“Canada has welcomed our people and allowed them to make a home for themselves and their families,” said Simpson-Miller. “In return, they – including the farmworkers who have contributed to the development of the agricultural sector – have given back enormously and repeatedly in a way that is worthy of our commendation. Anywhere in the world you go, you will find a Jamaican making a valuable contribution.”


She also noted that Jamaica has benefited significantly from Canadian technical assistance.


“We have been able to count on the ready and invaluable support of the Canadian government and people in the fields of education, health, local government, justice reform, disaster preparedness and relief and agriculture,” said Simpson-Miller. “Our military cooperation stands as an outstanding example to many.”


Jamaican soldiers underwent basic aviation training at the Canadian Forces School of Aerospace Technology at Canadian Forces Base Borden under a 27-year Military Assistance Training Program that concluded in October, 2010. Jamaicans now train at the state-of-the-art Jamaica Military Aviation School at Norman Manley International Airport, which was launched six years ago with Canadian assistance.


Last June, Canada and Jamaica signed a Memorandum of Understanding for the establishment of a Canadian Military Operation Support Hub to provide logistical support to routine operations in the Caribbean and Latin America.


During the 2011 hurricane season, Canada dispatched three Griffon helicopters and 65 Canadian Forces members to Jamaica to conduct search and rescue activities.


The Canadian and Jamaican leaders also pledged to promote greater bilateral trade and investment and to maintain their commitment to reducing trade barriers.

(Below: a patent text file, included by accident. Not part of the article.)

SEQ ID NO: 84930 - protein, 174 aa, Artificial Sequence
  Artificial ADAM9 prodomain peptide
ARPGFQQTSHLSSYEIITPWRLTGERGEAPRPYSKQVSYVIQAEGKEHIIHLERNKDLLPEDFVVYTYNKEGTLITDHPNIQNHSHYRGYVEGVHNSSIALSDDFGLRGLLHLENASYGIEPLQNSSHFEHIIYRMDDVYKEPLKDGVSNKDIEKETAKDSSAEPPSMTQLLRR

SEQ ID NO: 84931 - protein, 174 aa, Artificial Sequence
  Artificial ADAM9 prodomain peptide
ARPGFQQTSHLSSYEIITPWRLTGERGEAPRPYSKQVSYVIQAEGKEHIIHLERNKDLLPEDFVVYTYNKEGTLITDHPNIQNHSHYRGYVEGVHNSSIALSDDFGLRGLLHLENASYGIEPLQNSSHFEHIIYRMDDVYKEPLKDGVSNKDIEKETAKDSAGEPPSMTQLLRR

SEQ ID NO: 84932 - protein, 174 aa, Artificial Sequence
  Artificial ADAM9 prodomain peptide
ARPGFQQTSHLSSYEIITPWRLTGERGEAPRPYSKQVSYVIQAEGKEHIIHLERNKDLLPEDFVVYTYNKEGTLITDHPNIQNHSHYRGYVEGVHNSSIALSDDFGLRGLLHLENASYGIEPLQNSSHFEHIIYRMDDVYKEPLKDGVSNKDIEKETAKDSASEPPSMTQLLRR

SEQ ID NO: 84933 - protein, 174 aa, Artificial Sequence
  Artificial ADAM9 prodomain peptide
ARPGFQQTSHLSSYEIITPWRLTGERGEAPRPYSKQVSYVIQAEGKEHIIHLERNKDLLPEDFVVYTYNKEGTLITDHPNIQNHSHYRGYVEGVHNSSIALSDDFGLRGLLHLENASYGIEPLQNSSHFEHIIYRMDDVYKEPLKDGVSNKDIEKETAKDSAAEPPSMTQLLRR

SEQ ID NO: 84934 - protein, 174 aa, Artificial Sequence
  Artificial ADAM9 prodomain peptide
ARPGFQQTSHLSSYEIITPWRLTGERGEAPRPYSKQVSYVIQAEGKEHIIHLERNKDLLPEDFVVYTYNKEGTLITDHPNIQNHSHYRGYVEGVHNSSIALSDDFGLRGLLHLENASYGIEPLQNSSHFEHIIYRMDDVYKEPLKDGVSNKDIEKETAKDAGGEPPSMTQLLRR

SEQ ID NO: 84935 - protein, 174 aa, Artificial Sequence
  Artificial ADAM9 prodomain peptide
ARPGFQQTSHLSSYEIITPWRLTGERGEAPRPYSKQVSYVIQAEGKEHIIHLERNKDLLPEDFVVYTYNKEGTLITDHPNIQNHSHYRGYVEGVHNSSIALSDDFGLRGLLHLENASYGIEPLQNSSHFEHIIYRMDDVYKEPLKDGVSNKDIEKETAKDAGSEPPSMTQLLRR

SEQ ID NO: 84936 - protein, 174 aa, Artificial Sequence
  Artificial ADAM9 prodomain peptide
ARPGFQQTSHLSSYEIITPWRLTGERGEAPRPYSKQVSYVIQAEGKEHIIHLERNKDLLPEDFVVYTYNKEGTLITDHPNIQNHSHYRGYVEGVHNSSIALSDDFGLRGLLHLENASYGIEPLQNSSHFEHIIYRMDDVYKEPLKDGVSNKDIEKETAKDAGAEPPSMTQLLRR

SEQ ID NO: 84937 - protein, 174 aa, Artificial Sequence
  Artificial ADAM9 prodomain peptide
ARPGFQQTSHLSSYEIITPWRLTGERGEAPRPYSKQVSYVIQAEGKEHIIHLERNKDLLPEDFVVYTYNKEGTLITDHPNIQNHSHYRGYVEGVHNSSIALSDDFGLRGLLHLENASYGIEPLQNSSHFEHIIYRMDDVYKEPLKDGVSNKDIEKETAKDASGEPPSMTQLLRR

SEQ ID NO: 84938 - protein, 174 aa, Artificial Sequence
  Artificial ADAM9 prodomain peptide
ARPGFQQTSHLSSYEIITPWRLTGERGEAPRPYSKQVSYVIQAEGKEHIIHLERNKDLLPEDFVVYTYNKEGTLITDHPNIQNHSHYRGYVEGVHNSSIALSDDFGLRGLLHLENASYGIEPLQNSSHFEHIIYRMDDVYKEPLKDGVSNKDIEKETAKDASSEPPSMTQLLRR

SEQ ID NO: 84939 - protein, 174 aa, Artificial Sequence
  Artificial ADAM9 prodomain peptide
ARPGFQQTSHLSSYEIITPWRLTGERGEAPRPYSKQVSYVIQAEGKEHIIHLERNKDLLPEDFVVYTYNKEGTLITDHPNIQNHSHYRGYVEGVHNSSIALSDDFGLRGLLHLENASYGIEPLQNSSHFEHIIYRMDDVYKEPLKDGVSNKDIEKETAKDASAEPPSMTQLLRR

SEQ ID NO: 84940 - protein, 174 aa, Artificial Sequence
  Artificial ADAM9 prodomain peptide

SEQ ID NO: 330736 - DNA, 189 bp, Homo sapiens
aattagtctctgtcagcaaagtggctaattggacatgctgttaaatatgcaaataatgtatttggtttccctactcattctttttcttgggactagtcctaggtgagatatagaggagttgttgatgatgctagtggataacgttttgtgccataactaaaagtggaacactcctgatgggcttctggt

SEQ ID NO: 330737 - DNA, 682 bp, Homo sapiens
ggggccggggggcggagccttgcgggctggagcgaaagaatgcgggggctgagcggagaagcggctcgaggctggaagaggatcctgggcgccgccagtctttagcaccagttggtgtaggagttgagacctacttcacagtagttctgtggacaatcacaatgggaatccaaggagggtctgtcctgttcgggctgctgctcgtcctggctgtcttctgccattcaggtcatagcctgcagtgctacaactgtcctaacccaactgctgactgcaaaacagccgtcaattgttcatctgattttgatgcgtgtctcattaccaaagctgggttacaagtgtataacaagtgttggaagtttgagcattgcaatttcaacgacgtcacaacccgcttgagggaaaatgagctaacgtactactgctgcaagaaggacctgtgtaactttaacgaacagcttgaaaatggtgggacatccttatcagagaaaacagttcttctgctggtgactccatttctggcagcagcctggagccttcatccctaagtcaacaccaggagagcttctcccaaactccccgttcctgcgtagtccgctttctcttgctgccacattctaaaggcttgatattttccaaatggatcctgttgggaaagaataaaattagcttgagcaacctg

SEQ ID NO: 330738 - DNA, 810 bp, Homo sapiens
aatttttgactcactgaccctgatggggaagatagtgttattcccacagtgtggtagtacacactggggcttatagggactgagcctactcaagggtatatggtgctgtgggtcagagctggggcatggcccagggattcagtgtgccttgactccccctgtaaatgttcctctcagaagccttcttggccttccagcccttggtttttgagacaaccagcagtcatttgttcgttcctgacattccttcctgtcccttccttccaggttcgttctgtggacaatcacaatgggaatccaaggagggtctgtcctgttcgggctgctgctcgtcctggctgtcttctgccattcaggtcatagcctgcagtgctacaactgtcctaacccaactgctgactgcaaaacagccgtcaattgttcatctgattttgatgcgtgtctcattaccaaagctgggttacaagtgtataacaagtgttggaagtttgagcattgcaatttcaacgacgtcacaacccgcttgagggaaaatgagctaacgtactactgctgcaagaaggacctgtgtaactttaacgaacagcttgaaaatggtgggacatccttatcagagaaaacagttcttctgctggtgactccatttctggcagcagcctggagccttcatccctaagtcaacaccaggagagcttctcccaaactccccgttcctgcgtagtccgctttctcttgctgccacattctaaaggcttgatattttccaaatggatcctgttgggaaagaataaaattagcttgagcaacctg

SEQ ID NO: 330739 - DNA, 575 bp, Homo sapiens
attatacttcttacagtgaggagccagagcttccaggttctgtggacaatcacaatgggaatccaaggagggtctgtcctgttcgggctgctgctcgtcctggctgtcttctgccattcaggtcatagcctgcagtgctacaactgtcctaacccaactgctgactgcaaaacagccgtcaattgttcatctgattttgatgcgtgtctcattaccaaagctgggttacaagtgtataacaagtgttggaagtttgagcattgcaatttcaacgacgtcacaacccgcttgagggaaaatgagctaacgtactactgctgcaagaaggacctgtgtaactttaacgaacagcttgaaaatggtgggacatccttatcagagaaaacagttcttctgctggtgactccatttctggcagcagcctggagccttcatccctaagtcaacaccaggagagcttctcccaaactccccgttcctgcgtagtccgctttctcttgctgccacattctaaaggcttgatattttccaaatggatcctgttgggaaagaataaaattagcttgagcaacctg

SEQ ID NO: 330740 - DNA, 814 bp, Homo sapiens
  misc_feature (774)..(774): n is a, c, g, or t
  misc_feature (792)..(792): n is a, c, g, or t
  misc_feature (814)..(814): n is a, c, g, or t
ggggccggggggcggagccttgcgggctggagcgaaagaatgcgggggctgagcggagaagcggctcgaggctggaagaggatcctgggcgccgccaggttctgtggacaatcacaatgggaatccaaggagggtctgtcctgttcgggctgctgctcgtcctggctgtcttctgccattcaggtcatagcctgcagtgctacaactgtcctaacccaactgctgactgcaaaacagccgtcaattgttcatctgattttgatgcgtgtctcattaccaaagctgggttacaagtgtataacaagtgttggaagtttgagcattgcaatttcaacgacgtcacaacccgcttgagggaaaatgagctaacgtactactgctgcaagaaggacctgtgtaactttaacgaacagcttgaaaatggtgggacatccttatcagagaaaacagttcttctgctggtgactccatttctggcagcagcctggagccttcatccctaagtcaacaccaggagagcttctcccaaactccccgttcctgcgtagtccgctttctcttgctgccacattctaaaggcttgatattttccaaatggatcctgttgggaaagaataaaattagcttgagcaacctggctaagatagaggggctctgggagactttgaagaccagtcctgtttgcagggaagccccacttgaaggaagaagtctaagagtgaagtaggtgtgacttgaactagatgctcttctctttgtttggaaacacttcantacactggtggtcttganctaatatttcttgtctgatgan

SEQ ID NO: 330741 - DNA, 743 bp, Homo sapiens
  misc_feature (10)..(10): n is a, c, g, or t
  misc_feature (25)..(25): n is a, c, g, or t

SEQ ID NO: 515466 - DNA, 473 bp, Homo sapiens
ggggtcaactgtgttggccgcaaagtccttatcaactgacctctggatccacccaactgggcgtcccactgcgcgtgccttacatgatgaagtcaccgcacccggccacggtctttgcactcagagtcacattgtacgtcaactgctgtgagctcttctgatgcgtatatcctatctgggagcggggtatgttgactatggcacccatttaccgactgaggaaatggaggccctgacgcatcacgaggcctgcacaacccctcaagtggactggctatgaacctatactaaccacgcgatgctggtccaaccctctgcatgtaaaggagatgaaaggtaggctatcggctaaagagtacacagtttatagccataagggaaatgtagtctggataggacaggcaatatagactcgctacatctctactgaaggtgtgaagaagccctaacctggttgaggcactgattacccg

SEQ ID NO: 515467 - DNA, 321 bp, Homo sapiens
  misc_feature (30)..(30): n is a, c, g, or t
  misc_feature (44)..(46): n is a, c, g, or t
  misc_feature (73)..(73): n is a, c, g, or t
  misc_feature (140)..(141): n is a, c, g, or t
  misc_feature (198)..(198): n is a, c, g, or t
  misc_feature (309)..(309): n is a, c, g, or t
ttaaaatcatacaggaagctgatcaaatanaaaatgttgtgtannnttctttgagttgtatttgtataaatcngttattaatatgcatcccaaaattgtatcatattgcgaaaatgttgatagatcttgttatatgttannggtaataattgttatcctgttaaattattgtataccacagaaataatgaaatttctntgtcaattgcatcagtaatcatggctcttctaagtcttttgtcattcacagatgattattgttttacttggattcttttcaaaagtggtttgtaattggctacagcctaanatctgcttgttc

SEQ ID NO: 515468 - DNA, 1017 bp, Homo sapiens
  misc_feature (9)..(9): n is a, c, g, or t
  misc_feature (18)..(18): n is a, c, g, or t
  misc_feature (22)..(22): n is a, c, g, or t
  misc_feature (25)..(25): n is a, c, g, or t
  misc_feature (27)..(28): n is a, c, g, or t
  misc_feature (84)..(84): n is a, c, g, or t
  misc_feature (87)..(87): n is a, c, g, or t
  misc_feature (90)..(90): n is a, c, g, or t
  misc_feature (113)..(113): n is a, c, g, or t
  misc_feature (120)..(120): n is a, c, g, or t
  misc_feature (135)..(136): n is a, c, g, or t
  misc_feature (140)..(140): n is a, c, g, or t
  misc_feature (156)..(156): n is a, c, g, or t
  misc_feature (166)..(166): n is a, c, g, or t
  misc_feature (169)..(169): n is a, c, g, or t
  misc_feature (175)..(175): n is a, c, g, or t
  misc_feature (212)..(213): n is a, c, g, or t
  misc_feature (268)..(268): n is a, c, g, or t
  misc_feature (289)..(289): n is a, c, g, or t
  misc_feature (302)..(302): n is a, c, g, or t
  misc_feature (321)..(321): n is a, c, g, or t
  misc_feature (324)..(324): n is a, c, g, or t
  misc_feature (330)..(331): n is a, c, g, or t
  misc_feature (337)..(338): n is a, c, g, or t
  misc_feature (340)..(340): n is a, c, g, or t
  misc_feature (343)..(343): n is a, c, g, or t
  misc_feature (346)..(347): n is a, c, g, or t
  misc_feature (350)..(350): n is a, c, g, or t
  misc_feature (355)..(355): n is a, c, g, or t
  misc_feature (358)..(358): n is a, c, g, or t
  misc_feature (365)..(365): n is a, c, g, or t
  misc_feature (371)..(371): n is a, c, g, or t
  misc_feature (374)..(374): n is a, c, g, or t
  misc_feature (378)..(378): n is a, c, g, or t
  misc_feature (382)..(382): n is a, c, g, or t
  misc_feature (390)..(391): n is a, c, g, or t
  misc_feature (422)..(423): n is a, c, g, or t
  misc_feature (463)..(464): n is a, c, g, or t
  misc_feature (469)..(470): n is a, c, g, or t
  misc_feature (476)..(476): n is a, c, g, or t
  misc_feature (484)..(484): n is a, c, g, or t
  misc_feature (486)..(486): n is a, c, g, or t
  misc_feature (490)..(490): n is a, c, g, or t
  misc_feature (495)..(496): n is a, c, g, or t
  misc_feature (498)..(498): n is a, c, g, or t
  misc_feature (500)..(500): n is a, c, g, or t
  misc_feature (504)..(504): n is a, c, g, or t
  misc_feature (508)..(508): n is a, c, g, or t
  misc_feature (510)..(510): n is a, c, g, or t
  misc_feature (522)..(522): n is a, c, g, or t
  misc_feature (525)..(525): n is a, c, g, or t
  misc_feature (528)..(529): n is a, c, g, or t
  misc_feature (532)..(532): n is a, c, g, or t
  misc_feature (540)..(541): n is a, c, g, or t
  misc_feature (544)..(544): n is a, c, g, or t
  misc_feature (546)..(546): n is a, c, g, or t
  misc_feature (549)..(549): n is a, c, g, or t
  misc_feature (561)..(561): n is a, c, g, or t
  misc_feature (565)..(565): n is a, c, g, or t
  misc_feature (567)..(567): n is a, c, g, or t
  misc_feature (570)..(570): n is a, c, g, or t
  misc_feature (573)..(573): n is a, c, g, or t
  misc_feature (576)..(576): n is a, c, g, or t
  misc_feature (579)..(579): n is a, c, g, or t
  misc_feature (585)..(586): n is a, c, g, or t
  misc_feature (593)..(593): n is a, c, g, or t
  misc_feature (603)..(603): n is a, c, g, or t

On his way to the JCA, Harper stopped at Queen’s Park to pay his respects to former Ontario Governor General, Lincoln Alexander, whose mother migrated from Jamaica.


“He was not just a great Canadian of Jamaican descent,” Harper said. “He was a man who throughout his career of public service was a role model to politicians of all backgrounds and indeed all political parties.”


Simpson-Miller, who previously served as PM five years ago, also paid tribute to Alexander.


“As part Jamaican, we are proud of him,” she said. “He distinguished himself and both of our countries by his personal and professional achievements. We all are poorer for the passing of this great gentleman.”


  • Dan Hamilton said:

    Always good to see Caribbean countries being given this kind of attention and recognition from the Federal government. Too often, all we hear of in respect of policy and trade, are the countries of Asia. It is sometimes seemingly forgotten that West Indian nationals have been contributing to Canada for a long time and many of those trade and civic relationships predate confederation. And in Jamaica’s case, where three of the four commercial banks on the Island are Canadian..and the fourth one owned by a local company with strong Canadian connections, the ties could not possibly be any more binding.

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    Friday October 26 at 2:31 pm